Ticagrelor, a P2Y12 antagonist, is approved for prevention of thromboembolic events. MEDI2452 is a potential reversal agent for ticagrelor and ticagrelor active metabolite (TAM). The total plasma exposure of ticagrelor and TAM in patients are roughly 0.5–1 and 0.2–0.5 μmol/L, respectively. Both have similar high potency vs. P2Y12 (Ki 2 nmol/L) but are plasma protein-bound to 99.8% and only the 0.2% free fraction is able to inhibit the P2Y12 receptor. Thus, for unbound concentration measurements to be a proof of mechanism biomarker for MEDI2452 a very high sensitivity is required. Using established techniques as equilibrium dialysis and LC-MS/MS, made it possible to evaluate the efficacy of the reversal agent by measuring reduction of unbound concentration of ticagrelor in the presence of MEDI2452. With challenges such as ultra-low concentrations, small sample volumes, recovery issues and adsorption to plastic we managed to develop a highly sensitive assay for determining unbound concentration levels of ticagrelor and TAM in plasma with a quantification limit of 30 pmol/L and 45 pmol/L, respectively. With this method we were able to detect close to a 100-fold MEDI2452 mediated reduction in the unbound concentration of both ticagrelor and TAM. The assay provided proof of mechanism as MEDI2452 concentration- and dose-dependently eliminated unbound concentration of ticagrelor and reversed its antiplatelet activity in preclinical models and will support future development of MEDI2452.
Citation: Sandinge A-S, Janefeldt A, Pehrsson S, Nylander S (2018) Quantification of unbound concentration of ticagrelor in plasma as a proof of mechanism biomarker of the reversal agent, MEDI2452. PLoS ONE 13(7): e0201202. https://doi.org/10.1371/journal.pone.0201202
Editor: Masaki Mogi, Ehime University Graduate School of Medicine, JAPAN
Received: March 23, 2018; Accepted: July 10, 2018; Published: July 26, 2018
Copyright: © 2018 Sandinge et al. This is an open access article distributed under the terms of the Creative Commons Attribution License, which permits unrestricted use, distribution, and reproduction in any medium, provided the original author and source are credited.
Data Availability: All relevant data are within the paper and its Supporting Information file.
Funding: The authors confirm that the funder AstraZeneca, provided support in the form of salaries for authors [AS, AJ, SP, SN], but did not have any additional role in the study design, data collection and analysis, decision to publish, or preparation of the manuscript. The specific roles of these authors are articulated in the author contributions section.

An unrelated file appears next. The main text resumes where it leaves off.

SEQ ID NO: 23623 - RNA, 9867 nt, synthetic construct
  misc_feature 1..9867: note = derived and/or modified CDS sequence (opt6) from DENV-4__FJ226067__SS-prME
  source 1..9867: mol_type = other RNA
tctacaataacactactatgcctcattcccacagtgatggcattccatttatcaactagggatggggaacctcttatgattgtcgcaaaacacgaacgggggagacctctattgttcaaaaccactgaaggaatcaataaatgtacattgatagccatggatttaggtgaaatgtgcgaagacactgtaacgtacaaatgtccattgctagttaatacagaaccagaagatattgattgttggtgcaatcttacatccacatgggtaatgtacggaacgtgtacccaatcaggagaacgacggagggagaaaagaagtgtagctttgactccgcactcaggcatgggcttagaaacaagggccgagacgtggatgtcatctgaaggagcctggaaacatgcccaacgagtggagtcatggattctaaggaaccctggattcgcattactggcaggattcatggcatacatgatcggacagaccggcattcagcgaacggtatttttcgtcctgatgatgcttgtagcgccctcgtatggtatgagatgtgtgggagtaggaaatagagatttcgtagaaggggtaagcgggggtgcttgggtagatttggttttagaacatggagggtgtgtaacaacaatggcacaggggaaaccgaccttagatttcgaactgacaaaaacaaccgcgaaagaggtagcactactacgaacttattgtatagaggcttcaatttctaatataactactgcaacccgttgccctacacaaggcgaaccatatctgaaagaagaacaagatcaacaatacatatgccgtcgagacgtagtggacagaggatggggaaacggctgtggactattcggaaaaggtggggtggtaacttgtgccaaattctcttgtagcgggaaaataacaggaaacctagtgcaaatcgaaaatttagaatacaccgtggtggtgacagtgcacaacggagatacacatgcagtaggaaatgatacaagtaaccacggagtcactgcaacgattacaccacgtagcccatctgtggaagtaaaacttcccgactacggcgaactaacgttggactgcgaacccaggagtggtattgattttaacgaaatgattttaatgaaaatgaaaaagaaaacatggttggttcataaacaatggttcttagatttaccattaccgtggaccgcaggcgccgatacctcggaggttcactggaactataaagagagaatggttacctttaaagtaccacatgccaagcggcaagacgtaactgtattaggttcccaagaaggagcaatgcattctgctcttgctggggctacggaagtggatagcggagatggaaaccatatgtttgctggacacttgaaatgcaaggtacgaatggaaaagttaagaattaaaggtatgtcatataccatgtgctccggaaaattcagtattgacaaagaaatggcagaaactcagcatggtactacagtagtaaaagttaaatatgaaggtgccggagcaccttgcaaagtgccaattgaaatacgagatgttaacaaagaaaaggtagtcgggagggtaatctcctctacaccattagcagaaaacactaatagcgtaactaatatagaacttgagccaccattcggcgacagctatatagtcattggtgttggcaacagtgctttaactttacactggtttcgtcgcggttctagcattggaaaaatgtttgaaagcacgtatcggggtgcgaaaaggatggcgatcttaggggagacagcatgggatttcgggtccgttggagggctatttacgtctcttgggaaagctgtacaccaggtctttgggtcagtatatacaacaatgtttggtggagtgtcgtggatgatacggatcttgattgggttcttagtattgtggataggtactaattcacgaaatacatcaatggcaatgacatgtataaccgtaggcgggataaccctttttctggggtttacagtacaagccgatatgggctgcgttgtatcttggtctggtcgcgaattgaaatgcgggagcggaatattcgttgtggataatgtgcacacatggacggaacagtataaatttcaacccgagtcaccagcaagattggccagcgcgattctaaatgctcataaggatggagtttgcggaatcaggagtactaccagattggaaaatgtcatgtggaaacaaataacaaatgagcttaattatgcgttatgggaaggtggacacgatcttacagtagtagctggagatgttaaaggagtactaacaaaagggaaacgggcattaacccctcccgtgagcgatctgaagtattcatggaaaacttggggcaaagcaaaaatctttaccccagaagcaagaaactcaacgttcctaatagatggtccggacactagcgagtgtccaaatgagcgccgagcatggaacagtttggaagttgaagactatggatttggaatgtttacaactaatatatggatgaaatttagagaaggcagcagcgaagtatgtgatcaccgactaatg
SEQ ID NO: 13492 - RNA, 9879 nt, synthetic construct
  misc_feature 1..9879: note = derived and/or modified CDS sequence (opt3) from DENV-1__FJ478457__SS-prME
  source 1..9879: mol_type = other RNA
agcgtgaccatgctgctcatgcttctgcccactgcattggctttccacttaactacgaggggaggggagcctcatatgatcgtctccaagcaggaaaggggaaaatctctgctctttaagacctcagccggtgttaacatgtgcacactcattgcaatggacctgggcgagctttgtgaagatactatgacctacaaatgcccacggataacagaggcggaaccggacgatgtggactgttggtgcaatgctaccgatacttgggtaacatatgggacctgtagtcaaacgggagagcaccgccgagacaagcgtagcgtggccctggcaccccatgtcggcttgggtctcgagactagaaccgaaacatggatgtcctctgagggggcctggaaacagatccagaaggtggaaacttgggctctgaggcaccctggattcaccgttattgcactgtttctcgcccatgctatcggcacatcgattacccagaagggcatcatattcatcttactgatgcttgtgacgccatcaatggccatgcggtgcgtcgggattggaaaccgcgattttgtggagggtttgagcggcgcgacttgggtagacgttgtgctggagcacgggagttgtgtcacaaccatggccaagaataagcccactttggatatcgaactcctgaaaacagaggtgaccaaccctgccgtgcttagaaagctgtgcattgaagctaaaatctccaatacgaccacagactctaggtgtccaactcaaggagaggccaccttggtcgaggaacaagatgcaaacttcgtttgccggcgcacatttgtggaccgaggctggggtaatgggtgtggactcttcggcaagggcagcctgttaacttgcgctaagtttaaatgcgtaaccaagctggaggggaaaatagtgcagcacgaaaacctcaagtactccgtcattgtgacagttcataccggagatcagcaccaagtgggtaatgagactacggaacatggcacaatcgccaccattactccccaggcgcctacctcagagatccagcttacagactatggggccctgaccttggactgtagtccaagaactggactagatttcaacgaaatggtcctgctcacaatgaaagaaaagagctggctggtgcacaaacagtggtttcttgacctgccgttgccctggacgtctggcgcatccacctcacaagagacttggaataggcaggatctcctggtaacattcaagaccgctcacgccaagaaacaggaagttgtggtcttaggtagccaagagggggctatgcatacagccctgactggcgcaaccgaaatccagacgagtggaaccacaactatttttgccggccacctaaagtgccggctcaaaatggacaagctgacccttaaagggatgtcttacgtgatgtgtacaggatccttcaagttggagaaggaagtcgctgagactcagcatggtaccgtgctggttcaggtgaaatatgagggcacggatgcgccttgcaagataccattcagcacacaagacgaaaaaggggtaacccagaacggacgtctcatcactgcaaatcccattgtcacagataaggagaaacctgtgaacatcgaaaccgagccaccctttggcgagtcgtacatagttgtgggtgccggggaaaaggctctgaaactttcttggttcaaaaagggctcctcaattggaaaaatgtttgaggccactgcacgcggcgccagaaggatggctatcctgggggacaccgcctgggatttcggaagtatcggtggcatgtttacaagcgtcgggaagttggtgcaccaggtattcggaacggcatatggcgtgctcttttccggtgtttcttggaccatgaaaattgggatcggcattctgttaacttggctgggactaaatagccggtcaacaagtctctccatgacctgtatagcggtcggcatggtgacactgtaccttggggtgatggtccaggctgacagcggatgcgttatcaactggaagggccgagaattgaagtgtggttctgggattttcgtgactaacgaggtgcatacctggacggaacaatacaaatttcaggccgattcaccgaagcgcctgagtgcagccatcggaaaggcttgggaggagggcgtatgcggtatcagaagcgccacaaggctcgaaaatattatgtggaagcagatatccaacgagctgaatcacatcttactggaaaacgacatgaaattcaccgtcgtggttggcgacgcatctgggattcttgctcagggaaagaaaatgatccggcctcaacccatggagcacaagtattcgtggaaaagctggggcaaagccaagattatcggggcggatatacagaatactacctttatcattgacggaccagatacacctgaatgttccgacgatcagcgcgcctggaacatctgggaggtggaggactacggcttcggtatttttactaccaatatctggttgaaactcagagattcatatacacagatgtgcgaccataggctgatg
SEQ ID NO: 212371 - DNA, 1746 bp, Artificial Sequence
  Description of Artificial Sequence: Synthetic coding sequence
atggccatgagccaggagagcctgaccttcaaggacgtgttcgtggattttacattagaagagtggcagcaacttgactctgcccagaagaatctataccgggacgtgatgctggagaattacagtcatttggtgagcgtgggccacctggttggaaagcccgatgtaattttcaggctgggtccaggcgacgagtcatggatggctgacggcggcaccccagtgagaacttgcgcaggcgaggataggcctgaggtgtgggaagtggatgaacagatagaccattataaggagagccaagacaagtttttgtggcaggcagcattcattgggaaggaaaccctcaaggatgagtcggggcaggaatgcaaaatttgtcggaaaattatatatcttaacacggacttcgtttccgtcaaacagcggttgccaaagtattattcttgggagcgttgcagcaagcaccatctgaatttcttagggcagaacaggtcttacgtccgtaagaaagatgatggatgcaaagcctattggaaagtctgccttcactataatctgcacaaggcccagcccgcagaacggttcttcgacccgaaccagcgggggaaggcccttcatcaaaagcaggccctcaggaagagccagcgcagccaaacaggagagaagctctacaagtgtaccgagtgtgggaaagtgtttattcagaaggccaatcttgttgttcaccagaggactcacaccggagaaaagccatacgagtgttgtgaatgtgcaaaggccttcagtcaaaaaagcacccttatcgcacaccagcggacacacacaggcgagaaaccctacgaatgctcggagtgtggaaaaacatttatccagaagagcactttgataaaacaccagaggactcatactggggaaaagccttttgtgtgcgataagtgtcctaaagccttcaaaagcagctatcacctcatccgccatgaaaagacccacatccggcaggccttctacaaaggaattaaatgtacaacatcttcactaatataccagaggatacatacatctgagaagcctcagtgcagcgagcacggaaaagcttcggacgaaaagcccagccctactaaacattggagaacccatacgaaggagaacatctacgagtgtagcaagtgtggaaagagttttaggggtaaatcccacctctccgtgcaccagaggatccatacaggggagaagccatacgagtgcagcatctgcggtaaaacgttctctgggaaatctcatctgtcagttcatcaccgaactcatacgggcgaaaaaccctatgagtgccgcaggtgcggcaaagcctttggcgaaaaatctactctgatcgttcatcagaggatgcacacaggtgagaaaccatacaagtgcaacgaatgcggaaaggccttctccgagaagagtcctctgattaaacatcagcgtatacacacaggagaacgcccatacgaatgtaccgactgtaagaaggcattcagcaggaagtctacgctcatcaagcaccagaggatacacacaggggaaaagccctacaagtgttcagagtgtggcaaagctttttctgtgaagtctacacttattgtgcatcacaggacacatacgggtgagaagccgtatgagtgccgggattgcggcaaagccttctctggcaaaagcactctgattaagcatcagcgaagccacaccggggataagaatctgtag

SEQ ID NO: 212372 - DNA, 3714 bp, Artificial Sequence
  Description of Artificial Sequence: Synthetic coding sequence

Competing interests: Authors with affiliation AstraZeneca are employed by AstraZeneca. The competing interest declared did not alter our adherence to PLOS ONE policies on sharing data and materials.
Abbreviations: ADP, adenosinE diphosphate; ASA, ACETYLSALICYLIC ACID; ED, Equilibrium Dialysis; FU, fraction unbound; LLOQ, LOWER LIMIT OF QUANTIFICATION; MRM, Multiple Reaction Monitoring; MWCO, molecular weight cut off; NSA, NON- SPECIFIC ADSORPTION; PRP, PLATELET-rich plasma; TAM, ticagrelor active metabolite; UF, Ultra filtration
Unlike the thienopyridine P2Y12 antagonists (clopidogrel and prasugrel), ticagrelor does not require metabolic activation. However, its main circulating metabolite, AR-C124910XX, has similar P2Y12 potency as parent ticagrelor and is here referred to as ticagrelor active metabolite (TAM). In patients, TAM has been shown to be present at 30–40% plasma exposure relative to the parent ticagrelor . Thus, in order to effectively reverse the effect of ticagrelor treatment a reversal agent needs to bind up and neutralize both ticagrelor and TAM.
Increased risk of bleeding is a complication common for all antiplatelet therapies [1, 4, 5]. MEDI2452 is developed as a specific reversal agent for ticagrelor to be used in those rare patients that experience an uncontrolled emergency bleeding event or that need urgent surgery and cannot wait the 5–7 days wash out period .
MEDI2452 binds to circulating ticagrelor and TAM with an affinity of 20 pmol/L, which is 100-fold higher than the affinity of ticagrelor for the P2Y12 receptor (2 nmol/L ). The antigen-binding fragment was isolated from a human antibody phage library by selection on biotinylated ticagrelor, followed by screening for specificity .